Track Painting

With the recent release of our new Small Scale Scenery engine sheds and track, I thought it might be a good time to quickly run through my painting method for the track. When I first got hold of prototypes of our original track to paint, I looked at all the little tiny sleepers and thought “how on earth am I going to paint those – it’ll take forever”. Well, fear not…

Step 1 – Primer

After a quick cleanup, removing any extraneous bits of sprue and running a file round the edges, I gave the track a coat of Halfords’ grey car primer. This is my favourite primer for all models – it sticks to any surface and gives a good matt base for painting over.

Step 2 – Sleepers

If you’re in North America, read ‘crosstie’ when I say sleeper, it’s the same thing. I gave the sleepers a good drybrush with GW Bestial Brown (use your favourite brown if you don’t like/use Citadel paints) – use a small brush to do this as you want to avoid too much paint getting everywhere. You will inevitably get some brown around the track but don’t worry too much, we’ll clean it up in a minute. You want a relatively heavy drybrush coat (if that isn’t a contradiction) so that the whole of the sleeper surface is painted, not just the edges. As you can see, it’s all looking a bit messy…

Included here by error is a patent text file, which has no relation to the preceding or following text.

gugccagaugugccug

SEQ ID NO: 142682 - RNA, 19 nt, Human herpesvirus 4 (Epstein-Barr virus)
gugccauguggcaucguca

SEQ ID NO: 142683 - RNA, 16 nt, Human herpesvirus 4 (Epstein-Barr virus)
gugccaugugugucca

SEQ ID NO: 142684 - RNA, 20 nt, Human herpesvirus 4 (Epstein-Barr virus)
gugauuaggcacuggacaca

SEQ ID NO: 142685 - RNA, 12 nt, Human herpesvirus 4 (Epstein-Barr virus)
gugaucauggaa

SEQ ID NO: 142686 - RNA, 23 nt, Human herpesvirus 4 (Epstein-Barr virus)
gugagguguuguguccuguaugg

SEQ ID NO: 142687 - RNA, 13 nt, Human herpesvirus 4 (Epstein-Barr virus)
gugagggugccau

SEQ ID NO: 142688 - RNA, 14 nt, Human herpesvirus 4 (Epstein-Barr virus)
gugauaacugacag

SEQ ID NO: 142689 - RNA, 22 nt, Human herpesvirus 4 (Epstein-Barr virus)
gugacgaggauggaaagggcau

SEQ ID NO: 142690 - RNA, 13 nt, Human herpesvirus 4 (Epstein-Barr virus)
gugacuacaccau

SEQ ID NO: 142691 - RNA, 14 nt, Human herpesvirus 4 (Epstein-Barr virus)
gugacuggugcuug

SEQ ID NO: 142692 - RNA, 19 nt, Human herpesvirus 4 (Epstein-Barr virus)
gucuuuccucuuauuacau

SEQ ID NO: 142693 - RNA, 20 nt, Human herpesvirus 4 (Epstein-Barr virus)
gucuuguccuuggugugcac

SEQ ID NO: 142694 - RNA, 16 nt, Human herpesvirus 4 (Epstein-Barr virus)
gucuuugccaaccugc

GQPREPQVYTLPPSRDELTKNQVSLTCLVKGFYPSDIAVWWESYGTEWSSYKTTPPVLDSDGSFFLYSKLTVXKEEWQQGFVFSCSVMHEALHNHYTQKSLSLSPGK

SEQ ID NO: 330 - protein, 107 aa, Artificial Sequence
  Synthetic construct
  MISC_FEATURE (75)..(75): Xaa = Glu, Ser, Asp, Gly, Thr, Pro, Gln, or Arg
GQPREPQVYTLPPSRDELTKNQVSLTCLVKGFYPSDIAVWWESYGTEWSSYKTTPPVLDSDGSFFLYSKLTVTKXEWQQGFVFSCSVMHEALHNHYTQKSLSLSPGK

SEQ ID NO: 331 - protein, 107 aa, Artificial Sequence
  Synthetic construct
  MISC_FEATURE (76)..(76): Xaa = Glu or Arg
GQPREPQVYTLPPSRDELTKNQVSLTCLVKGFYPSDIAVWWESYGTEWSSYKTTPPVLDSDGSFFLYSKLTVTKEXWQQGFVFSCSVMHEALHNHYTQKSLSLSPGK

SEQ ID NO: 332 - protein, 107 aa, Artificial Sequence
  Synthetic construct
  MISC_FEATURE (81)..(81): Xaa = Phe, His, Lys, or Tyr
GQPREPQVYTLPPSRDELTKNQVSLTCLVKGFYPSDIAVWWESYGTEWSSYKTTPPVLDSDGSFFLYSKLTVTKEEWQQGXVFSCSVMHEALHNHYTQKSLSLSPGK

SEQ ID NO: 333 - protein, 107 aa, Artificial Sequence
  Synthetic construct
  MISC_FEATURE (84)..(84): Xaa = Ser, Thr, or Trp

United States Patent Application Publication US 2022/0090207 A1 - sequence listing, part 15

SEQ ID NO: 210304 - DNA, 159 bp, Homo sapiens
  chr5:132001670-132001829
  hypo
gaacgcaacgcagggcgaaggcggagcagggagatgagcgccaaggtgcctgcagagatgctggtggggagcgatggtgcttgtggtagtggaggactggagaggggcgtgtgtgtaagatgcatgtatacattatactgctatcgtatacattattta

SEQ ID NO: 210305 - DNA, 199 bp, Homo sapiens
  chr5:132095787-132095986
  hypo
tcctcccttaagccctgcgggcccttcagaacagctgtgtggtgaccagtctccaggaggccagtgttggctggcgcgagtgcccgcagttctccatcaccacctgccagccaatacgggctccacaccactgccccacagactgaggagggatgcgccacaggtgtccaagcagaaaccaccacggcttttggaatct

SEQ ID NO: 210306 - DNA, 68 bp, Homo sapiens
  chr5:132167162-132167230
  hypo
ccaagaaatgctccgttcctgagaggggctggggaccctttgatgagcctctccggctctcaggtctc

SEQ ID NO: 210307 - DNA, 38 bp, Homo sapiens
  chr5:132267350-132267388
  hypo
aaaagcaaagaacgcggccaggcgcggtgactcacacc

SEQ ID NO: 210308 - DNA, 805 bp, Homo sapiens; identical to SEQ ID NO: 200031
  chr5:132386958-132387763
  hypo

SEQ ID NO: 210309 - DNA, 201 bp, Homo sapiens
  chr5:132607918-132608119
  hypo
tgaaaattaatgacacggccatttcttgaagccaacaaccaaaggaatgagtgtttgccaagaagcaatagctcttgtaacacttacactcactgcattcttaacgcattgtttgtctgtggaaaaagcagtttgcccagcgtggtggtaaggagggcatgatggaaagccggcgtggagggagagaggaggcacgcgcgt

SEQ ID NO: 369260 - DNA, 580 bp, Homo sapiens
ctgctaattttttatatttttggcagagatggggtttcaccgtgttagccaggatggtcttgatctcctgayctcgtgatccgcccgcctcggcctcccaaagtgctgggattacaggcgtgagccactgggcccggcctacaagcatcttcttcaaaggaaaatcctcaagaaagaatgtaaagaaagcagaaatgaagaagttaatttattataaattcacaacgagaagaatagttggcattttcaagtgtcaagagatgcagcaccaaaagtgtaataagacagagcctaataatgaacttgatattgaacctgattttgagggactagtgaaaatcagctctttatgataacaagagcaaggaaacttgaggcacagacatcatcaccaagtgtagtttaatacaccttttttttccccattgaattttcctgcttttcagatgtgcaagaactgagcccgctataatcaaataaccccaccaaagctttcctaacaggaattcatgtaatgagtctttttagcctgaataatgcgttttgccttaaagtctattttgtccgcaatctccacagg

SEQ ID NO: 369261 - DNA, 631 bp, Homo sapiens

Step 3 – Cleanup

I then went round and tidied up any overspill from the drybrush with grey paint (Tamiya XF-66 Light Grey is a good match for Halfords primer). Assuming you haven’t been too liberal with the brown and got it between the sleepers, you should find it reasonably quick and easy. Don’t worry about any brown on the rails themselves – any on the top surface will be coming off later, and any on the side looks like rust, which is a major colour as far as railway track goes. You might notice that I forgot to do the tops of the road crossings in one or two places – I had to clean this up this later.

Step 4 – Wash

Everything was then give a good coat of Citadel Nuln Oil black wash (Army Painter Dark Tone or Tamiya Smoke would work just as well). This takes longer than you might think – you tend to get little bubbles between the sleepers so you might need to use a stiffer brush to work the wash into these areas.

Step 5 – Rails

On our first set of tracks I used a silver paint pen and ran this over the top surface of the rails. This worked OK but I did get some overspill onto the sleepers especially around the points. You could use a small detail brush and silver paint, although I suspect it would be time-consuming. My solution this time was to make use of the natural colour of the metal. On the first piece of track I used a piece of wet-and-dry to remove the paint from the top of the rails – this took longer than I thought, and I managed to remove the paint from some of the sleepers as well. So for the next piece I simply ran a scalpel blade along the rails and scraped the paint off – perfect ! It was more accurate, quicker and cleaner. Look at those rails shine !

I painted almost two dozen pieces of track in an hour or so, so it’s a pretty quick method of producing reasonably good looking track.